Now let's say you have five transactions:

Example: How overall net losses work

Description of property

Date acquired

Date sold

Proceeds

Cost or other basis

Gain or (loss)

100 sh UVW

01/02/17

06/30/17

1,000

850

150

50 sh XYZ

02/13/17

9/15/17

750

800

–50

Net short-term gain or loss

100

 

 

 

 

 

 

200 sh QRST

01/02/15

7/14/17

10,000

15,000

–5,000

350 sh MNOP

02/28/14

11/20/17

20,000

11,000

9,000

400 sh IJKL

03/15/16

12/28/17

5,000

13,000

–8,000

Net long-term gain or loss

–4,000

Overall net capital loss (short-term gain + long-term loss)

–3,900

Amount deductible against other income this year

3,000

Amount of capital loss carried over to next year

900

Carryover Losses Retain Their Character As Short-Term or Long-Term

According to the IRS in Publication 544, "…When you carry over a loss, it retains its original character as either long term or short term. A short-term loss you carry over to the next tax year is added to short-term losses occurring in that year. A long-term loss you carry over to the next tax year is added to long-term losses occurring in that year. A long-term capital loss you carry over to the next year reduces that year's long-term gains before its short-term gains.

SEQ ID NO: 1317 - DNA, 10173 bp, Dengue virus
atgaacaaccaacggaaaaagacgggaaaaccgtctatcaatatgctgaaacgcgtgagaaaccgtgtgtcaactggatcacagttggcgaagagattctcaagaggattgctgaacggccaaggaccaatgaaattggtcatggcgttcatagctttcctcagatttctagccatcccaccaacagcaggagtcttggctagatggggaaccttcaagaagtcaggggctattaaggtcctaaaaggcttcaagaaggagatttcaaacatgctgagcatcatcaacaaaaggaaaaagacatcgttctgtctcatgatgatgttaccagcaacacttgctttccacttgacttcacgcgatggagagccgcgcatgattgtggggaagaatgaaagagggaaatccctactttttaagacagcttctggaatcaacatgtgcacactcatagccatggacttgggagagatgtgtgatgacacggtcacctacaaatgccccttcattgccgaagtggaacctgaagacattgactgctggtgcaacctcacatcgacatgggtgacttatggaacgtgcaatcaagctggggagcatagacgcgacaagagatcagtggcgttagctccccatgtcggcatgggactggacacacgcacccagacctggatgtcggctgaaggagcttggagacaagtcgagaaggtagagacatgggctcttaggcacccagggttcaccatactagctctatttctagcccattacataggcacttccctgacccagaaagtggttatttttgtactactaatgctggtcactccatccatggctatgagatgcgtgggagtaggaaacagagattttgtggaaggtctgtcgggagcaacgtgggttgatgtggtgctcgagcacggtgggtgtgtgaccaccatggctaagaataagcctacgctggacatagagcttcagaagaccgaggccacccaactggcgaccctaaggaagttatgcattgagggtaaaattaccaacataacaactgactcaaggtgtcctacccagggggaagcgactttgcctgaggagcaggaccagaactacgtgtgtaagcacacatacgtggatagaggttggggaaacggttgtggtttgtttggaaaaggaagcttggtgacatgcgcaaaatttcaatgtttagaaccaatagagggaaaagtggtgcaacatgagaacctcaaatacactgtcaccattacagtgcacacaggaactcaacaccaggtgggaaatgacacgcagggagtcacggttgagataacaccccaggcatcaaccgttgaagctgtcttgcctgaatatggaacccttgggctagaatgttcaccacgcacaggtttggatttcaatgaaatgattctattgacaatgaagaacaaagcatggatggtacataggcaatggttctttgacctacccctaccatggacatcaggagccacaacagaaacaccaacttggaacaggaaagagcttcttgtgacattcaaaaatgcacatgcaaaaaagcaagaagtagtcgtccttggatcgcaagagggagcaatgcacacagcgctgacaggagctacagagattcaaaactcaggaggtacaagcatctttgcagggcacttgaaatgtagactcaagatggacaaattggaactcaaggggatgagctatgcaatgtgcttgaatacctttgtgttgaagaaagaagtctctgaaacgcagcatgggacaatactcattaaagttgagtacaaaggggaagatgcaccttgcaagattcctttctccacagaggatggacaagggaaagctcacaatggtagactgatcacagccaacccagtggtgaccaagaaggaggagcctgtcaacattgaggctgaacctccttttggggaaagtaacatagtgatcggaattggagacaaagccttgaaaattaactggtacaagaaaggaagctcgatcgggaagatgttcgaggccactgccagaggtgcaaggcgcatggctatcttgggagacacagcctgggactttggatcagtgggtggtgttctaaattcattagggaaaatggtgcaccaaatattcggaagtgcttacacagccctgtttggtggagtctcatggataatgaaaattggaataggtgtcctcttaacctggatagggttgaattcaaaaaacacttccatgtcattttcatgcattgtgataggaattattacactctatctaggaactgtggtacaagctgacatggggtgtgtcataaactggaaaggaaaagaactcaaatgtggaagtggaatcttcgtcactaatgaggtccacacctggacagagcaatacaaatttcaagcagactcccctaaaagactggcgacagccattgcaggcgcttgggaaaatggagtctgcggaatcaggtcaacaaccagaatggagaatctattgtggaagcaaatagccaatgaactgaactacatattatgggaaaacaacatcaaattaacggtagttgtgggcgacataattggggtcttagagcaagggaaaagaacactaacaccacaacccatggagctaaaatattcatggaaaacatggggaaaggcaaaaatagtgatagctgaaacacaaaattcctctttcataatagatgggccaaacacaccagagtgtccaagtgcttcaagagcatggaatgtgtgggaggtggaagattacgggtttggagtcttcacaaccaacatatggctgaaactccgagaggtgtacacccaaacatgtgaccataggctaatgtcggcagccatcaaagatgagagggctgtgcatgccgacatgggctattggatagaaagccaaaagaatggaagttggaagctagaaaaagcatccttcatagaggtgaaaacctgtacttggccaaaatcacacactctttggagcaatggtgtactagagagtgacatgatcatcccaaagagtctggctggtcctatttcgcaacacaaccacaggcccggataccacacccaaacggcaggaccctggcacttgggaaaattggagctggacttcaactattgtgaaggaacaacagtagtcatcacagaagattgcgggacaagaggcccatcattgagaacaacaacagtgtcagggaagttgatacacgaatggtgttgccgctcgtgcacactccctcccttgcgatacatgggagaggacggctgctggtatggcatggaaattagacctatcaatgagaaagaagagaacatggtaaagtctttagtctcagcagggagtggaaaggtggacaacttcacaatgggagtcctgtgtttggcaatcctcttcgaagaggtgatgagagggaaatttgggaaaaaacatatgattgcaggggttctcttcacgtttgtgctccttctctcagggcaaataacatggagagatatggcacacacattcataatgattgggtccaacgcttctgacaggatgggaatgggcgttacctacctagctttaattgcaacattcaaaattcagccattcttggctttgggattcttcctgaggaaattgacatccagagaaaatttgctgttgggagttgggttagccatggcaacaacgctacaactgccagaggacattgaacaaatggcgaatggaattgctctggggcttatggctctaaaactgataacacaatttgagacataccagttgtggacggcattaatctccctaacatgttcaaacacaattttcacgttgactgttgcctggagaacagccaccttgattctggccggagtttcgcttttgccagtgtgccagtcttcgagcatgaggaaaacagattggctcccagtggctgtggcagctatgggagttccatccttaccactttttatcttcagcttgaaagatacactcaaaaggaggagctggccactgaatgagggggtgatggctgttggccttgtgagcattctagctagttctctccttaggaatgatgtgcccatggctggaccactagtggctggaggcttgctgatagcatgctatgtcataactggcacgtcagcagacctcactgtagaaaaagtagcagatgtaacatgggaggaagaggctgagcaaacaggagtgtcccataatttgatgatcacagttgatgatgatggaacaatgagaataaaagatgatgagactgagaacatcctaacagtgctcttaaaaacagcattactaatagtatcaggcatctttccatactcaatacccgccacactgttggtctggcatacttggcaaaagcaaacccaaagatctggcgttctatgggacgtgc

"If you have both short-term and long-term losses, your short-term losses are used first against your allowable capital loss deduction. If, after using your short-term losses, you have not reached the limit on the capital loss deduction, use your long-term losses until you reach the limit." 

The Wash Sale Rule

If you buy substantially identical stock or securities within 30 days before or after you sell stock at a loss, the losses are suspended under what's known as the "wash sale rule". In other words, you can't claim the entire loss amount. 

Suppose you sell your stock in XYZ company at a loss on March 31. If you bought the stock in XYZ company 30 days before this date or purchased the same stock up until to 30 days after this date, you have a wash sale situation.

In this example, your wash sale period runs from March 1, or 30 days before, to April 30, which is 30 days after. If you were to buy XYZ stock at any point during this time frame, you would not be able to claim the full amount of the loss from the March 31 sale. Instead, you would have to take the loss amount and add it to your cost basis in the new shares you purchased.